In This House of Brede
Date Published: February 1, 2005 (Originally published in 1969)
Number of Pages: 672
Print Price: $10.96
eBook Price: $
In This House of Brede opens with a sea change in the life of Mrs. Philipa Talbot, a middle-aged professional woman of considerable renown, who has lived all over the world. She is in the final stages of shutting down her life in London to catch a train. Her destination is Brede Abbey.
The novel ends with another sea change for Dame Philipa of Brede. In this sense, she might be viewed as the protagonist. She brings unusual gifts and uncommon obstacles into the community. The book hints early that she has lost her only child. Her history and her future are not revealed until after the reader, like Philipa, has been strengthened through many seasons of monastic life.
Author, Rumer Godden, lived in the gatehouse of an English Benedictine Abbey for three years to prepare for writing this novel. She converted to the Catholic faith one year before it was published in 1969. Godden was already widely admired for clever plots and luminous sensory detail in her previous novels about India.
At 638 pages, a book about life in a monastery could be viewed as a daunting read. Yet, the discernment Godden brought to this tale makes it an absorbing experience, one that moves remarkably swiftly, with subtle characterization, ingenious plot turns and laser-focused dialogue:
"Flowerets!” groaned Dame Agnes. “’Petals from the Little Flower.’”
“It’s either that or the haiku,” said Abbess Catherine . . .
“And at least she knows she has to study them,” Dame Agnes said in fairness. . .
“Now she wants to write the childhood of Christ in haiku . . .”
“’But we know scarcely anything about the childhood of Christ,” Dame Ursula objected.
“Dame Veronica does,” said the prioress.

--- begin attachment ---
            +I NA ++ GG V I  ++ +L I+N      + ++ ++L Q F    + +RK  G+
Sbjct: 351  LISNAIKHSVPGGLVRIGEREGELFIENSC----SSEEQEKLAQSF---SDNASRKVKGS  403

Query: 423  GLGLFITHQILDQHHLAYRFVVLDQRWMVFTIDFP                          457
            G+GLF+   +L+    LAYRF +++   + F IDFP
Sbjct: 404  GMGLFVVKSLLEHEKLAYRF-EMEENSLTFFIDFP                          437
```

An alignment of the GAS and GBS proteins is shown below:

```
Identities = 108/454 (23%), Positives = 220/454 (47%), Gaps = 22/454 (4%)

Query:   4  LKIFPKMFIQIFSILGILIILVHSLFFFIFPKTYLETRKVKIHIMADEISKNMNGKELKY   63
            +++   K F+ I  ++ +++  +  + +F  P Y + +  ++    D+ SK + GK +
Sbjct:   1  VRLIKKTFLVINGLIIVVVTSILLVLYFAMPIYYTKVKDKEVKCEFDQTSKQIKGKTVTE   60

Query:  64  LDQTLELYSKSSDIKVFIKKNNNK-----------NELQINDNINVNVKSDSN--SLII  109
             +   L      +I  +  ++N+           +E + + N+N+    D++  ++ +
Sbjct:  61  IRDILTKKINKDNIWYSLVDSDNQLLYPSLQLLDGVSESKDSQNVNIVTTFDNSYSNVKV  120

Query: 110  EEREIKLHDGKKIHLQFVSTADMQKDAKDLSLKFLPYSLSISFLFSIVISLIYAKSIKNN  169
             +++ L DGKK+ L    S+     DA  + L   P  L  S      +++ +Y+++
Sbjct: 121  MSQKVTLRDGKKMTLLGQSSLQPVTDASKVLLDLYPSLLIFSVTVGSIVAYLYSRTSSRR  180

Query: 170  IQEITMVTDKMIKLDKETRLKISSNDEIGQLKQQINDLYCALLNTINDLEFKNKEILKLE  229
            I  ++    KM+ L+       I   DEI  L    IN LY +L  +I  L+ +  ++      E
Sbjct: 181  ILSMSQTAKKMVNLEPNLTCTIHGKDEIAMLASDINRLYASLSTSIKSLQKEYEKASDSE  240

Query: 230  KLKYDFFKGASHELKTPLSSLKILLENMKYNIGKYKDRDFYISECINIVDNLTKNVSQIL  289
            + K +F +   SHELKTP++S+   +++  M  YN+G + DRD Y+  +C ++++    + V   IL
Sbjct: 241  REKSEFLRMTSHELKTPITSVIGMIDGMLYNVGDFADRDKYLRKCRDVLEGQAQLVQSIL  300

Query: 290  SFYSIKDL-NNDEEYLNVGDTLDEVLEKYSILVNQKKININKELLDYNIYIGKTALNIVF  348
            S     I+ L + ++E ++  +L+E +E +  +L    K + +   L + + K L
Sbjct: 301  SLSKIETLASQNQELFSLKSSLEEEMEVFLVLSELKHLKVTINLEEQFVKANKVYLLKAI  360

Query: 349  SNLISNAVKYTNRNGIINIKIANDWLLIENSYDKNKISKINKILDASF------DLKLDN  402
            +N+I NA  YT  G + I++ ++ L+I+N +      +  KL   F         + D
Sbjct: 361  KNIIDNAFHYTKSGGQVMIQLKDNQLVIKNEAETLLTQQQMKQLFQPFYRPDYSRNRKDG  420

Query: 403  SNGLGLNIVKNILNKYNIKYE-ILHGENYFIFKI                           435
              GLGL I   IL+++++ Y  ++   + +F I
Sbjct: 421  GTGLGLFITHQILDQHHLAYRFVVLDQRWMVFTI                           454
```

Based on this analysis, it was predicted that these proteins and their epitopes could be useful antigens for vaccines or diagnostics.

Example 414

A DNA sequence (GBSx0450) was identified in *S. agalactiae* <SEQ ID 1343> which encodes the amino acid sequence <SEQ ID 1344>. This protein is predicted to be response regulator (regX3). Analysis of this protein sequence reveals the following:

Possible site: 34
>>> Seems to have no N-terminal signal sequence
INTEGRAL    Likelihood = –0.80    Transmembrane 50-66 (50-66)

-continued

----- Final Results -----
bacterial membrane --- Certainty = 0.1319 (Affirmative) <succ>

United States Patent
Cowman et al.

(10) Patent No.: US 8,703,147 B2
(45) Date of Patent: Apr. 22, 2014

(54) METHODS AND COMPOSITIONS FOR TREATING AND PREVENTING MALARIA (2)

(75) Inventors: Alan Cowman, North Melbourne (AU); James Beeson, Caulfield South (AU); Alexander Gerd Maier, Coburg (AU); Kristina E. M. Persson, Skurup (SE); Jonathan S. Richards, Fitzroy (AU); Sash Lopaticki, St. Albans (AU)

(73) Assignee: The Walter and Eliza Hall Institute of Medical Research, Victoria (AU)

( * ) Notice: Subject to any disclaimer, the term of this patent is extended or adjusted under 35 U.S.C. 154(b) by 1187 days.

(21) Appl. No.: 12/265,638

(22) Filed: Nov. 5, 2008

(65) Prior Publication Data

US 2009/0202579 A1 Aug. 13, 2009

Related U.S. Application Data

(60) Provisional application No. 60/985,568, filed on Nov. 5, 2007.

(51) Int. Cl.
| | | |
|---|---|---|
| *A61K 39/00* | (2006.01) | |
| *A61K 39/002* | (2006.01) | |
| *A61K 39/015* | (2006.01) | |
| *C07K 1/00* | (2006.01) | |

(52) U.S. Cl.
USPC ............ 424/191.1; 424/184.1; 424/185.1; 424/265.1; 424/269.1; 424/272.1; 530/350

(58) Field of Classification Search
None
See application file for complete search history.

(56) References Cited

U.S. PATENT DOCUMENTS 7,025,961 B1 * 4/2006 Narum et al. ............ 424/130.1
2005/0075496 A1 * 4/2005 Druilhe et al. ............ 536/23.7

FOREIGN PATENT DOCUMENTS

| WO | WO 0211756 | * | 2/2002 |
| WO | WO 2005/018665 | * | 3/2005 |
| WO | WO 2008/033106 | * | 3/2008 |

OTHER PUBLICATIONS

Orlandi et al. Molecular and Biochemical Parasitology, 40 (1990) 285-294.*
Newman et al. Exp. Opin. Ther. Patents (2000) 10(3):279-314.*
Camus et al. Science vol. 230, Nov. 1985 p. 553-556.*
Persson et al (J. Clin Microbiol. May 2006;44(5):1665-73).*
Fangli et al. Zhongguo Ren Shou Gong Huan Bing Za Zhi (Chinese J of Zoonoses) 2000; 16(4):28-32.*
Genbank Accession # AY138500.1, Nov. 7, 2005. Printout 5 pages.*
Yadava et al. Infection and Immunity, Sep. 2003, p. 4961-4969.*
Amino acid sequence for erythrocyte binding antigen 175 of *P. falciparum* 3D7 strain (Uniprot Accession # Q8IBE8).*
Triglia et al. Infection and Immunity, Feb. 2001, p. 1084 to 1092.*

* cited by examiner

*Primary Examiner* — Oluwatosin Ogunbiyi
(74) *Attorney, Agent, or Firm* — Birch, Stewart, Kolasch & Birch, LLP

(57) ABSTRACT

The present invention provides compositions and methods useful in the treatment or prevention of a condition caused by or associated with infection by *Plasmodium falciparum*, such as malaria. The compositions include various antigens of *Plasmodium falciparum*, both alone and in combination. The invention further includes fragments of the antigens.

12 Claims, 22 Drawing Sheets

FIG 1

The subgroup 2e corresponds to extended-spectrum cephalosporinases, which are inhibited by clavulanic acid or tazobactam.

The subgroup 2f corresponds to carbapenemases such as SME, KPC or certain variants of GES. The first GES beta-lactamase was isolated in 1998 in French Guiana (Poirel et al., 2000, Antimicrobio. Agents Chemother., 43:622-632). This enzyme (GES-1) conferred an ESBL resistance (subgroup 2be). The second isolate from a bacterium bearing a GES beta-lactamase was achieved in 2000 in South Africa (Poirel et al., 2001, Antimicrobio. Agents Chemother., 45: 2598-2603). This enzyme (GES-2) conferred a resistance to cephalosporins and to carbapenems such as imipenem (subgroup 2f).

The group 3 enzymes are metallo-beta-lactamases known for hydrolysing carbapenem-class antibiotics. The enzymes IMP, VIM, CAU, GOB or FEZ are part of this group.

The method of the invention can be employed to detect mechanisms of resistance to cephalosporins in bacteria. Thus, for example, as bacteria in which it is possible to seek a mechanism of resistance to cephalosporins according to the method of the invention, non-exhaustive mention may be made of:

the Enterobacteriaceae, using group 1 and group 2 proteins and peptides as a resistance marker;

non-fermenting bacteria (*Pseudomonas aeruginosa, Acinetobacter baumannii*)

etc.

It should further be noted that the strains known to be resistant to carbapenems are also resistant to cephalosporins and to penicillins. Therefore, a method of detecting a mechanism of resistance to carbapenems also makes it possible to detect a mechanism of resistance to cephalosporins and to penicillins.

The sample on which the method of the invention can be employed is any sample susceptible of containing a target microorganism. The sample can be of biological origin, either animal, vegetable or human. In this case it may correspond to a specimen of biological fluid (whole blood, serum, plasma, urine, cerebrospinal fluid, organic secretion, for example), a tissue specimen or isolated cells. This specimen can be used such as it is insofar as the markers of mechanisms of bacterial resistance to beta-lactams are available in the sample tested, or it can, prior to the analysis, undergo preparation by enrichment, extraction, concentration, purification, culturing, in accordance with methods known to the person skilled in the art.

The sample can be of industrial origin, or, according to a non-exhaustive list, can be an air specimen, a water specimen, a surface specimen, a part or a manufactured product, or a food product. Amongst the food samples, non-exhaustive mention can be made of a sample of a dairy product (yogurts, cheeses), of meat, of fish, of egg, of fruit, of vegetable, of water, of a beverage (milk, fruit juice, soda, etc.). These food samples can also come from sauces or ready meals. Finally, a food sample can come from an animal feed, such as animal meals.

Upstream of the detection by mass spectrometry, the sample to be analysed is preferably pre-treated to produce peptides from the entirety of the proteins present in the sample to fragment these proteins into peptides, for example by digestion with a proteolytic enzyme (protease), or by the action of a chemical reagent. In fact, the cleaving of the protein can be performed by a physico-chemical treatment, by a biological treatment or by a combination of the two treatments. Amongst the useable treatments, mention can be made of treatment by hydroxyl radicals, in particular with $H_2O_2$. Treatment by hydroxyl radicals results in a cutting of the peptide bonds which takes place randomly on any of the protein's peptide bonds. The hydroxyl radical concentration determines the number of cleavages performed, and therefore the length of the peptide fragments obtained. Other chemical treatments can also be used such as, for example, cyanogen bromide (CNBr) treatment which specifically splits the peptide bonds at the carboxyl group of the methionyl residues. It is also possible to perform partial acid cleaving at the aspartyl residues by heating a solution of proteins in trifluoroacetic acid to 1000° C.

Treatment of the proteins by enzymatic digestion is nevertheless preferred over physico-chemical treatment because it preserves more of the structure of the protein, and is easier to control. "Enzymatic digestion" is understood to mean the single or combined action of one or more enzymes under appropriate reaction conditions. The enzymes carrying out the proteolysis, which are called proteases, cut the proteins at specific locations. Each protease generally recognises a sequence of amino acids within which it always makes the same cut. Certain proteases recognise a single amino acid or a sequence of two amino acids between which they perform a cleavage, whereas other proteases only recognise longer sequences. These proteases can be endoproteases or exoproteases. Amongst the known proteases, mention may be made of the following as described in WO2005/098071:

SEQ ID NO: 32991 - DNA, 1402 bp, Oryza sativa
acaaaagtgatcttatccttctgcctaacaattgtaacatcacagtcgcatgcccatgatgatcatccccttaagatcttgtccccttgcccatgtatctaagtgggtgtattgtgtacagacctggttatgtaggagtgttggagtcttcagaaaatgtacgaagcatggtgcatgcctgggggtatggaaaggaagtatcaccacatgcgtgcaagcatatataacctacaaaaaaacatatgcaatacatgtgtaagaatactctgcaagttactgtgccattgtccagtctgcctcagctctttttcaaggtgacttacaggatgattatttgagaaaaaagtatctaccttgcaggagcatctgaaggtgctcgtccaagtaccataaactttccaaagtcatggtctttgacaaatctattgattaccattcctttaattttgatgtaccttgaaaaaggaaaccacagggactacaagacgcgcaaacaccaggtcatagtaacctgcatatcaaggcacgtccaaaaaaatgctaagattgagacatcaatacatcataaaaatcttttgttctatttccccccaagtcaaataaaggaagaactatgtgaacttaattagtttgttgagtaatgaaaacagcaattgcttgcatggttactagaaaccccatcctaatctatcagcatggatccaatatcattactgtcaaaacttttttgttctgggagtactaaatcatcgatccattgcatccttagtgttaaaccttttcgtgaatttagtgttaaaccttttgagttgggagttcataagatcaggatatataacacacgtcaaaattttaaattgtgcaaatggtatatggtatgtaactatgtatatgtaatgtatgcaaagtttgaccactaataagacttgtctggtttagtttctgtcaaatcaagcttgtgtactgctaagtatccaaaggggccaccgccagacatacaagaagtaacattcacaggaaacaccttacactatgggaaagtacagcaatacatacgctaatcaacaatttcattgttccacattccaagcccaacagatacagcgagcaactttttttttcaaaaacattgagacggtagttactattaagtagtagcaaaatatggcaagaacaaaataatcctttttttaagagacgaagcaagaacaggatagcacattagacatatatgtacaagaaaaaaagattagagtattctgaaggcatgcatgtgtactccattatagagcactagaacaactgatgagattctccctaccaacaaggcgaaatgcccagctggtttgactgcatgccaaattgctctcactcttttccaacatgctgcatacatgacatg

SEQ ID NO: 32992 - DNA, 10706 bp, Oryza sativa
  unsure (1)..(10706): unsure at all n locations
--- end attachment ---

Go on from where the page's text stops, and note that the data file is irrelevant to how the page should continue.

“But Mother,” said Dame Edith . . . “you won’t let her publish any of these books.”
“Think of the reputation of the house,” Dame Ursula said. . .
“Which is worse,” the prioress asked . . . “Dame Veronica exalted or humble?”
“Humble is more dangerous,” said the abbess and sighed.
The women of Brede seek charity and balance. Under the Rule of Saint Benedict which shapes their lives, their first vow is stability, commitment to house and community. With poverty, chastity and obedience, the four vows create a cauldron in which each character must confront her true nature:
“Weren’t you surprised that God should have chosen you?” a young woman reporter,
writing a piece on vocations, had asked her.
“Yes,” Dame Perpetua had answered, “but not nearly as surprised as that he should
have chosen some of the others – but then God’s not as fastidious as we are.”
Ultimately Brede Abbey – in Godden’s artful hands replete with orchards, parks, flowers, bells and birds – emerges as a single living organism. The monastery itself becomes the central protagonist.
Each of the well-developed individual human plot lines, including Dame Philipa’s, at first depends upon and then resolves into the historical, continuous and forward-reaching Benedictine Opus Dei.
In fact, the most critical events on which the plot and characters turn are always those that affect the community as a whole: a dying Abbess’s rumored “stone sickness;” her apochryphal last word “Sor-ry”; a looming economic crisis with serious consequences for everyone; a humble wooden pectoral cross carved long ago by a Savoy princess, just before she went to the guillotine, worn by every abbess of Brede; postulants for a new foundation in Japan; the Second Vatican Council.
Phyllis Tickle, in her Introduction to the Loyola Classic Edition of In This House of Brede, suggested four different possible ways to read it: as a biography of one unique woman; as a well-plotted story; as a portrait of Benedictine monastic life; and as a universal parable for life, anywhere.
I would suggest a fifth: as a worthwhile lesson in how to write a great Catholic novel.
Publisher: Loyola Classics
Original Language: English
Book Dimensions: 5.1 x 1.8 x 8.5 inches
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